Sleep is precious. If you don’t get a full, relaxing seven to eight hours of sleep, you wake up cranky and groggy, an uncomfortable feeling that takes several cups of coffee to stave off. So you were aghast when your hearing loss started making you lose sleep.
And that’s justifiable. But there’s something that can help, thankfully: a hearing aid. It’s possible that these little devices can help you get a better night sleep, according to recent surveys.
How Does Loss of Hearing Affect Sleep?
Even though you feel fatigued all day and are exhausted by bedtime, you still toss and turn and have a difficult time falling asleep. All of these issues started around the same time you also started to notice that your radio, television, and mobile phone were becoming hard to hear.
Turns out, you’re not imagining things. It’s well documented that individuals who have loss of hearing often have a hard time falling asleep, but exactly why is not really understood. Some theories have been put forward:
- Your brain, when you have hearing loss, strains to get input that isn’t there. If your brain is in overdrive trying to hear while you’re drifting off to sleep, your whole cycle could be thrown off (It’s the typical issue of not being able to get your brain to turn off).
- You can be kept awake by tinnitus which can cause ringing, thumping, or humming sounds in your ears. (Lack of sleep can also cause your tinnitus to get worse, which then can cause stronger insomnia, it’s a vicious cycle).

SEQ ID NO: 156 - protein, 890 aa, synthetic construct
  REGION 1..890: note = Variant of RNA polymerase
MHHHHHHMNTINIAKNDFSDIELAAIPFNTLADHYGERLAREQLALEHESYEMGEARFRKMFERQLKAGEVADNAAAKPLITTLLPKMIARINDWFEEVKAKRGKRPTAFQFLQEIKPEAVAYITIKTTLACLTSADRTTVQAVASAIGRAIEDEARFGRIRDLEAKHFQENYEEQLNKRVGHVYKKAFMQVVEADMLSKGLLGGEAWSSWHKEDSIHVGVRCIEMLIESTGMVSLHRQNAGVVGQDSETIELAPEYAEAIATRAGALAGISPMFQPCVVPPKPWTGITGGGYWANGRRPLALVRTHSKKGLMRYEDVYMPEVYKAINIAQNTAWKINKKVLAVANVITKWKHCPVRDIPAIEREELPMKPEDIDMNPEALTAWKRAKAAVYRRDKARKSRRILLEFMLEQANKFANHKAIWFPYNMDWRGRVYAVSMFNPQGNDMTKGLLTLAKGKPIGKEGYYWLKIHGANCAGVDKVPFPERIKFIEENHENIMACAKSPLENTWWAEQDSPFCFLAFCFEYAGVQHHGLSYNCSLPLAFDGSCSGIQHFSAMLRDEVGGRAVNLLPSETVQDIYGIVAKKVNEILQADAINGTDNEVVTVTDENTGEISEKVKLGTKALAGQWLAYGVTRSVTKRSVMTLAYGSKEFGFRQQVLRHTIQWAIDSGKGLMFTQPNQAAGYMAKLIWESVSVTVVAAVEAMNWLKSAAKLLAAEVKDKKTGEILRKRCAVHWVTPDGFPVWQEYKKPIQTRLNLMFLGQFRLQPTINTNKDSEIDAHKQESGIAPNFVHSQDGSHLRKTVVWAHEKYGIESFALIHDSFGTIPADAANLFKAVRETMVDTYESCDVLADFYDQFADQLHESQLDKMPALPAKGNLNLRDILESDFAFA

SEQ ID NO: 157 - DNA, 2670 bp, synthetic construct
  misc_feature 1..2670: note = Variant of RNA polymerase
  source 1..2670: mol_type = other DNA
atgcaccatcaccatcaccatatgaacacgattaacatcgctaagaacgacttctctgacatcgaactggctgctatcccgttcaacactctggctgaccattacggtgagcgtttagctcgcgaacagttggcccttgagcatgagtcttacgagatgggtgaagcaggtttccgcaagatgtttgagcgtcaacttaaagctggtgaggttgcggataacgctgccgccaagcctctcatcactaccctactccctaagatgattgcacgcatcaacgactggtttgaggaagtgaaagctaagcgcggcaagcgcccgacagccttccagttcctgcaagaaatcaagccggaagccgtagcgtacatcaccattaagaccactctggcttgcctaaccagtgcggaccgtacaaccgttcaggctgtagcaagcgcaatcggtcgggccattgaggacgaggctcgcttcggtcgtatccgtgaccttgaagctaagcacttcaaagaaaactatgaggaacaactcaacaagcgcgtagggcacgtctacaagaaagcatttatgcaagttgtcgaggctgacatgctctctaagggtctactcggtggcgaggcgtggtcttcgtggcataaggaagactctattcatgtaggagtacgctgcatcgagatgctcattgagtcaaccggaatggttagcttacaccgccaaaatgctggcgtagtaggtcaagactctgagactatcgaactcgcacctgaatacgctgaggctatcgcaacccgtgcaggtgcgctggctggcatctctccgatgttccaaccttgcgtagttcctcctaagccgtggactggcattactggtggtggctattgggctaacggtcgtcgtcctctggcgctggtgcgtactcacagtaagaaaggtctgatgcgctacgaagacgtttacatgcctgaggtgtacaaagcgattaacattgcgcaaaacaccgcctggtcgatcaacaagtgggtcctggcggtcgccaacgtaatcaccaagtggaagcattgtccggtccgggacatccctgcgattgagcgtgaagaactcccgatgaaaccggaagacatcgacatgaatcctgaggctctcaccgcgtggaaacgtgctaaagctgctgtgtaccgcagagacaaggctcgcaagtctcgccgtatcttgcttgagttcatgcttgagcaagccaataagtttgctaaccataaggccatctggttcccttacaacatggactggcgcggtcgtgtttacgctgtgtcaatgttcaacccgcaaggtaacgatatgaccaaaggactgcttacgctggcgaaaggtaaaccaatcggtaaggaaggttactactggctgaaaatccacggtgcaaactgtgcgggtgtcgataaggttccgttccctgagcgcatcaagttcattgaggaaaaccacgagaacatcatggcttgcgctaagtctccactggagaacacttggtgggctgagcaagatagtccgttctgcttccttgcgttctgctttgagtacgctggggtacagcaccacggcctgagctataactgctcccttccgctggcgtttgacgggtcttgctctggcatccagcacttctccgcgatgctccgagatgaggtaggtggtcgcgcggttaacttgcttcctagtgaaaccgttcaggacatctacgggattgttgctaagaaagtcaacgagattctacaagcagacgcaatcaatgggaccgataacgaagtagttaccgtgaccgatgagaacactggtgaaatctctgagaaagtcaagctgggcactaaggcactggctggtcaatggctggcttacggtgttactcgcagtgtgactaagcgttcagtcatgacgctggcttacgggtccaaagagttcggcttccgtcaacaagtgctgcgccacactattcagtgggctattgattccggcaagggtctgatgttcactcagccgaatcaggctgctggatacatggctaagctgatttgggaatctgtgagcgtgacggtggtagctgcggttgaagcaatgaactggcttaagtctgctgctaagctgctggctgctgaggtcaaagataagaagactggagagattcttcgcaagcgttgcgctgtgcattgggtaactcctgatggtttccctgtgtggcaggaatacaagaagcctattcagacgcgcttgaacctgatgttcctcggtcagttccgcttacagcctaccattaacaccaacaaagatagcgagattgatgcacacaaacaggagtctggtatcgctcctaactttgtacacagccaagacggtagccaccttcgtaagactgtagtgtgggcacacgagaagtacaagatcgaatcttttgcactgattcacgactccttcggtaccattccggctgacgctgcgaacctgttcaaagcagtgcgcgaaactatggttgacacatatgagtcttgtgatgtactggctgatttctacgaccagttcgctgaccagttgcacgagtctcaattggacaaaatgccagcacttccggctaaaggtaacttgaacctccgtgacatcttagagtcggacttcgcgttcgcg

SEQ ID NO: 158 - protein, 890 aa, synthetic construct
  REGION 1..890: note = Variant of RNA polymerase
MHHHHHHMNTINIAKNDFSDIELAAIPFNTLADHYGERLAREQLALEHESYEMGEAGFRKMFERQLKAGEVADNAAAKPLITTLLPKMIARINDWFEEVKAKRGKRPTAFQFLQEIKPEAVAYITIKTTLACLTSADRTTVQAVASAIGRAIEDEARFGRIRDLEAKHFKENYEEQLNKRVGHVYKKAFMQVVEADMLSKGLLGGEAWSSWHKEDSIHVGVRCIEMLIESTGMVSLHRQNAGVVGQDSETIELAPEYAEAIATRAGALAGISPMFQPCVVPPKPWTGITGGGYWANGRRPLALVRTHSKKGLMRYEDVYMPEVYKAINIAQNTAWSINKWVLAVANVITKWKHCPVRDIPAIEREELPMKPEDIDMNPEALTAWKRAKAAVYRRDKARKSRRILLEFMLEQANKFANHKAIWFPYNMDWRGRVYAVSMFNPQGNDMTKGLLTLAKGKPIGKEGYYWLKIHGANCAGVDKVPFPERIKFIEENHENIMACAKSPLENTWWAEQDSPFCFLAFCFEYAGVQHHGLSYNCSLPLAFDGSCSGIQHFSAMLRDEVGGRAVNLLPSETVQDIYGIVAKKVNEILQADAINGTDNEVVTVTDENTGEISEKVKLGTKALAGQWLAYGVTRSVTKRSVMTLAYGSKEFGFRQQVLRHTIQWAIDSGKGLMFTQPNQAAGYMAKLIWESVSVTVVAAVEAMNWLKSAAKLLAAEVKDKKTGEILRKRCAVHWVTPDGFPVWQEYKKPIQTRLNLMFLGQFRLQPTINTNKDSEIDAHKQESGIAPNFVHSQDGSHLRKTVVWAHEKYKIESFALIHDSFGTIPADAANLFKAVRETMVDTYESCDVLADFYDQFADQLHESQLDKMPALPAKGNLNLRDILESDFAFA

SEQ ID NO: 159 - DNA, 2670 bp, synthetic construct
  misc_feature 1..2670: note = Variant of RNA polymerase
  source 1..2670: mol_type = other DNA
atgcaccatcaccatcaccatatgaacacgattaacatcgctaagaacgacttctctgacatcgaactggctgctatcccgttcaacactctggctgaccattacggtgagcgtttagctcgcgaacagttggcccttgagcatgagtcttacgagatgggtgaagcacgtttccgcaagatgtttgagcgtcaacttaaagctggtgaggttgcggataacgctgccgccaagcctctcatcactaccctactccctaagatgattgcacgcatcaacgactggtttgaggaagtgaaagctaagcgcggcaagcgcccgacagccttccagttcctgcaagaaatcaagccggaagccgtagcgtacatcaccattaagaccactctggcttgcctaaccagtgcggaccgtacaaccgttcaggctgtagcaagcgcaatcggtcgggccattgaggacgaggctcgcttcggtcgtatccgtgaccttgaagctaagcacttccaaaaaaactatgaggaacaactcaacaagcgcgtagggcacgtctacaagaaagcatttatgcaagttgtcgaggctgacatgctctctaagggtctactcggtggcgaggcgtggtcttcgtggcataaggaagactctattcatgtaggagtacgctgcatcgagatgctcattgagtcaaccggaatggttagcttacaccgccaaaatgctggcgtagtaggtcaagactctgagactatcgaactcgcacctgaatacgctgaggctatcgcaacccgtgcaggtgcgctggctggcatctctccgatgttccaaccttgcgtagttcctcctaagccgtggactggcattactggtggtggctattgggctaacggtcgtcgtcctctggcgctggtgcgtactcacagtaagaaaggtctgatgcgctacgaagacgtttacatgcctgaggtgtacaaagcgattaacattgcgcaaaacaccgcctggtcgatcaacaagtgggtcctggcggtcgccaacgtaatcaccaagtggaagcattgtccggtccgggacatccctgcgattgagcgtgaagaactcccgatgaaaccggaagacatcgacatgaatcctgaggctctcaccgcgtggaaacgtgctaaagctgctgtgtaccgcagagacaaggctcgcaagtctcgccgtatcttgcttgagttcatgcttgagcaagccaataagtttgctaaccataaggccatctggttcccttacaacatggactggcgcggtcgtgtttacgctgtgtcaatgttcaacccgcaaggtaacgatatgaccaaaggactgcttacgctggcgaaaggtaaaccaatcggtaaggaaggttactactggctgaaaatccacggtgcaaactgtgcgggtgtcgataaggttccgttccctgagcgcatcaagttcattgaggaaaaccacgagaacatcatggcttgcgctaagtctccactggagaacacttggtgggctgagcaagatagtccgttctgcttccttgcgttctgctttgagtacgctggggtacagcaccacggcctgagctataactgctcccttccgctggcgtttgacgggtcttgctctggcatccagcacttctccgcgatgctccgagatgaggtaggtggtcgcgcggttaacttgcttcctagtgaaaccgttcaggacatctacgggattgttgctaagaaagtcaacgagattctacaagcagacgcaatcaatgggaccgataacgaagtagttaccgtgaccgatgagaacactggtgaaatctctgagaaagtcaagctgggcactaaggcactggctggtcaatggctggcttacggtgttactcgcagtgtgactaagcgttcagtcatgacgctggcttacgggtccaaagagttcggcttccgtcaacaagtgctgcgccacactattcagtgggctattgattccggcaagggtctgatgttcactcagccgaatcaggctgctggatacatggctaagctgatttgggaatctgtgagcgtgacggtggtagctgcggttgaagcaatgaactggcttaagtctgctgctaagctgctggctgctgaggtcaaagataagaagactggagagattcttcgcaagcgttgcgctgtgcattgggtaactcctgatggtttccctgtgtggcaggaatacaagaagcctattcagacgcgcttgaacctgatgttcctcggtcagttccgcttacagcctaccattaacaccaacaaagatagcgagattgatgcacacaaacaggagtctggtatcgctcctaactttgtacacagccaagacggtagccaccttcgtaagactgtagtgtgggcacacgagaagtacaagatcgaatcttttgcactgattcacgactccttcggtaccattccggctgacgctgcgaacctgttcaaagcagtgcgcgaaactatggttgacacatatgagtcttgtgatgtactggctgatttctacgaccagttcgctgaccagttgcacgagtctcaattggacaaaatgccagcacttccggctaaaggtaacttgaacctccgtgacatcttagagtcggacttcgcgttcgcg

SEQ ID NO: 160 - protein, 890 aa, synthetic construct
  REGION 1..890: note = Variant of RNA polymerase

- Loss of hearing is related to depression, and depression can result in chemical imbalances in the brain that disturb your sleep cycle. As a result of this, falling asleep and staying asleep becomes harder.
Can Hearing Aids Improve Your Sleep?
According to one study, 44% of people with hearing loss who don’t use hearing aids documented being satisfied with their sleep compared to 59% sleep satisfaction among those who did use a hearing aid. So does that guarantee it’s safe to presume hearing aids are also a kind of sleep aid?
well, not really. If you don’t have hearing loss, a hearing aid can’t cure insomnia.
But if you have hearing loss related insomnia, hearing aids might help in several crucial ways:
- Tinnitus: Depending on the cause and nature of your tinnitus, hearing aids may provide a practical way of treating that ringing and buzzing. This can assist you to get to sleep by stopping that vicious cycle.
- Isolation: If you’re out on the town, interacting with the people in your social sphere, you’re less likely to feel depressed and isolated. Relationships are easier when you use hearing aids (sleep cycle problems that cause “cabin fever” can also be lessened).
- Strain: Your hearing aids will effectively reduce the strain on your brain. And when your brain isn’t constantly struggling to hear everything around you, it won’t be as likely to keep straining when you’re trying to sleep.
Achieving a Better Night Sleep Using Hearing Aids
In terms of sleep, the amount of hours is not the only factor to consider. To be sure that your sleep can be really refreshing, you need to achieve a targeted depth to your z’s. Loss of hearing can work against that deep sleep, and hearing aids, as a result, can improve your ability to get restful sleep.
it should be mentioned that even though they’ll help better your sleep, most hearing aids are not supposed to be used overnight. When you’re sleeping they aren’t going to help your hearing (for instance, you won’t hear your alarm clock better). And, as time passes, using your hearing aids at night can reduce their performance. You get better sleep if you use them during the day.
Go to Bed!
Sleep is precious. Adequate sleep can keep your immune system in fighting shape, reduce stress levels, and help you think more clearly. A decreased risk of diabetes and heart disease have also been linked to healthy sleep habits.
When your sleep schedule is disrupted by your loss of hearing, the problem becomes more than annoying, insomnia can often become a serious health problem. Fortunately, people report having better quality sleep with hearing aids.